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Person

Nathaniel P Hitt

RESEARCH FISH BIOLOGIST

Leetown Science Center

Email: nhitt@usgs.gov
Office Phone: 304-724-4463
Fax: 304-724-4465
ORCID: 0000-0002-1046-4568

Location
11649 Leetown Road
Kearneysville , WV 25430
US

Supervisor: Stephen P Faulkner
Artificial Intelligence (AI) isrevolutionizing ecologyand conservation by enabling species recognition from photos and videos. Our project evaluates the capacity to expand AI for individual fish recognition for population assessment. The success of this effort would facilitate fisheries analysis at an unprecedented scale by engaging anglers and citizen scientists in imagery collection.This project is one of the first attempts to apply AI towards fish population assessment with citizen science.
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Brook trout is a species of conservation concern in the eastern US. In 2016, we evaluated brook trout movement patterns in response to food and cover treatments in an experimental stream system using RFID monitoring techniques at the USGS Leetown Science Center in Kearneysville, WV. Brook trout were tagged with 12mm HDX Passive Integrated Transponder (PIT) tags and monitored with Multi-Antenna HDX Readers within each experimental stream riffle. We collected associated data on stream temperature using HOBO temperature loggers (Onset Pro V2) and water quality parameters such as dissolved oxygen, conductivity and pH (YSI Professional Plus multiparameter instrument).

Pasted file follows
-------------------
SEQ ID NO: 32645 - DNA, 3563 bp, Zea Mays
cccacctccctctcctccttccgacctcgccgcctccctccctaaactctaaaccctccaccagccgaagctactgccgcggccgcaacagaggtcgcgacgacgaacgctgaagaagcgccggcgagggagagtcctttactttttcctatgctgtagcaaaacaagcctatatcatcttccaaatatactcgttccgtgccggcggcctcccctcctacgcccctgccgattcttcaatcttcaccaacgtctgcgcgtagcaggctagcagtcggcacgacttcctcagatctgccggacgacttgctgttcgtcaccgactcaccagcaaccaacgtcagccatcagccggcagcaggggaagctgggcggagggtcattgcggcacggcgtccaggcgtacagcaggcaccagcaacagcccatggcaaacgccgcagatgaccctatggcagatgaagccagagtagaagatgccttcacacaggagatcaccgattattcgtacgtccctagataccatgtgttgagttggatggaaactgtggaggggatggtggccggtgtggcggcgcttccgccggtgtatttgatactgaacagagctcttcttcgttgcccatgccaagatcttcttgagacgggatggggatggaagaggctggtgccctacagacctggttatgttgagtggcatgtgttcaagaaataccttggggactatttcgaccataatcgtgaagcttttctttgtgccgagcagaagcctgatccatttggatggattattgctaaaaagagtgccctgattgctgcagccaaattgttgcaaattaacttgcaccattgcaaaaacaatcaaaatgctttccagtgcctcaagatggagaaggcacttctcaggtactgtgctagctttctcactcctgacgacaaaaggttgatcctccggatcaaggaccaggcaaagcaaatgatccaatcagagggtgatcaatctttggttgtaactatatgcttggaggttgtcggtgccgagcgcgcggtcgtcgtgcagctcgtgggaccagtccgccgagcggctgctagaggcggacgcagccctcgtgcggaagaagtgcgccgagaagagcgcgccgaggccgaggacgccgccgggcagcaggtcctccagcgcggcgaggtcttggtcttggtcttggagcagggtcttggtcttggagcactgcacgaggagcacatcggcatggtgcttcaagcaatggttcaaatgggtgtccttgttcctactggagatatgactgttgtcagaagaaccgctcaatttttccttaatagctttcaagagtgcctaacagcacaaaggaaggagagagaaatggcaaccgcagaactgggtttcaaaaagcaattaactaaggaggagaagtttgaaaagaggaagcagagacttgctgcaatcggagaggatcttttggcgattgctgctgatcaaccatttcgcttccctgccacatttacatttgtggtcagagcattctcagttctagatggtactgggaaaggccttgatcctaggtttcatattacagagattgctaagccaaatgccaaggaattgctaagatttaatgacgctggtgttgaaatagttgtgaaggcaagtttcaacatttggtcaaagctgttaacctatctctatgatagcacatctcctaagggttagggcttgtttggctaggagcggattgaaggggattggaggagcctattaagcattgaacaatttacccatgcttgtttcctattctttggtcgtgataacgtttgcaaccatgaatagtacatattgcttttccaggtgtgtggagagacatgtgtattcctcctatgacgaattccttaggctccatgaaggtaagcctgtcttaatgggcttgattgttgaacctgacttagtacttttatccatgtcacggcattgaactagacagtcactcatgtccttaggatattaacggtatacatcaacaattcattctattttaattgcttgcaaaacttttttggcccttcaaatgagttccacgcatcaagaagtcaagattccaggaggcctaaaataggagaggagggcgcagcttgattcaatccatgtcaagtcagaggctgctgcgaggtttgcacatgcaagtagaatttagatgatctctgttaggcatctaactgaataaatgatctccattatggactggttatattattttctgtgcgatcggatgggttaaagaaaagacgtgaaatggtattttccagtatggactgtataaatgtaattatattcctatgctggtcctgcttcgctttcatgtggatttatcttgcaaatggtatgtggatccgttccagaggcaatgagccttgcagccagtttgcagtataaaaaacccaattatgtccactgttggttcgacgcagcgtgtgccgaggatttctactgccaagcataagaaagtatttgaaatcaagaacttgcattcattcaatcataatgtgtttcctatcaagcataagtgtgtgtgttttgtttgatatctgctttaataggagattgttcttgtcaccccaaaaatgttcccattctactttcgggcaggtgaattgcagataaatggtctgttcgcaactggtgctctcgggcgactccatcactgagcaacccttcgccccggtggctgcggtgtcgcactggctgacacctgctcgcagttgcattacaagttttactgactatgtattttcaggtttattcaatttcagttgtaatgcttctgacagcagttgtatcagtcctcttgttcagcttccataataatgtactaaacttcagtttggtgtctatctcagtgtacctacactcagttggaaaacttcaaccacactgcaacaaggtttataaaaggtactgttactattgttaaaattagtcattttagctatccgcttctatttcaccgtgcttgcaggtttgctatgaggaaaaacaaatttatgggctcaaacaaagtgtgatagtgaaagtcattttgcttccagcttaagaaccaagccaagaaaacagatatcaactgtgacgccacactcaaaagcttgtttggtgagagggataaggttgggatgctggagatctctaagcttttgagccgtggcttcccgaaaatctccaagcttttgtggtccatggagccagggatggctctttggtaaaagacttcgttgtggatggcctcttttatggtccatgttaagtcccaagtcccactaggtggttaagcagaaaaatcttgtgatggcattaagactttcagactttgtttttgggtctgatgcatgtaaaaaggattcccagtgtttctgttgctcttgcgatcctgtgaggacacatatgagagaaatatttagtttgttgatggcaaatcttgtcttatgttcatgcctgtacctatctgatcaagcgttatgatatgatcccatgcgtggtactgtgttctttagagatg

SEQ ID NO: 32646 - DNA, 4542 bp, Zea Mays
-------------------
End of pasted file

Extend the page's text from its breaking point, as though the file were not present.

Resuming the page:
This Data Release includes records of stream temperature during summer months of 2019 (10 sites) and records of Blue Ridge sculpin (Cottus caeruleomentum) weight for fish held in experimental enclosures for 45 days during the temperature sampling period (5 sites).
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Rapid advances in video technology are enabling new strategies for species abundance estimation. Here we provide estimates of fish abundance derived from video data collected in a series of stream pools in Shenandoah National Park, Virginia (n=41). Two 360-degree cameras were simultaneously used at each pool site where 15-minutes of underwater footage was collected. Environmental data are provided describing pool morphology, canopy cover, and fish cover (boulders, large woody debris, and undercut banks).
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Climate change affects seasonal weather patterns, but little is known about the relative importance of seasonal weather patterns on animal population vital rates. Even when such information exists, data are typically only available from intensive fieldwork (e.g., mark-recapture studies) at a limited spatial extent. Here, we investigated effects of seasonal air temperature and precipitation (fall, winter, and spring) on survival and recruitment of brook trout (Salvelinus fontinalis) at a broad spatial scale using a novel stage-structured population model. The data were a 15-year record of brook trout abundance from 72 sites distributed across a 170-km-long mountain range in Shenandoah National Park, Virginia, USA....
Categories: Publication; Types: Citation
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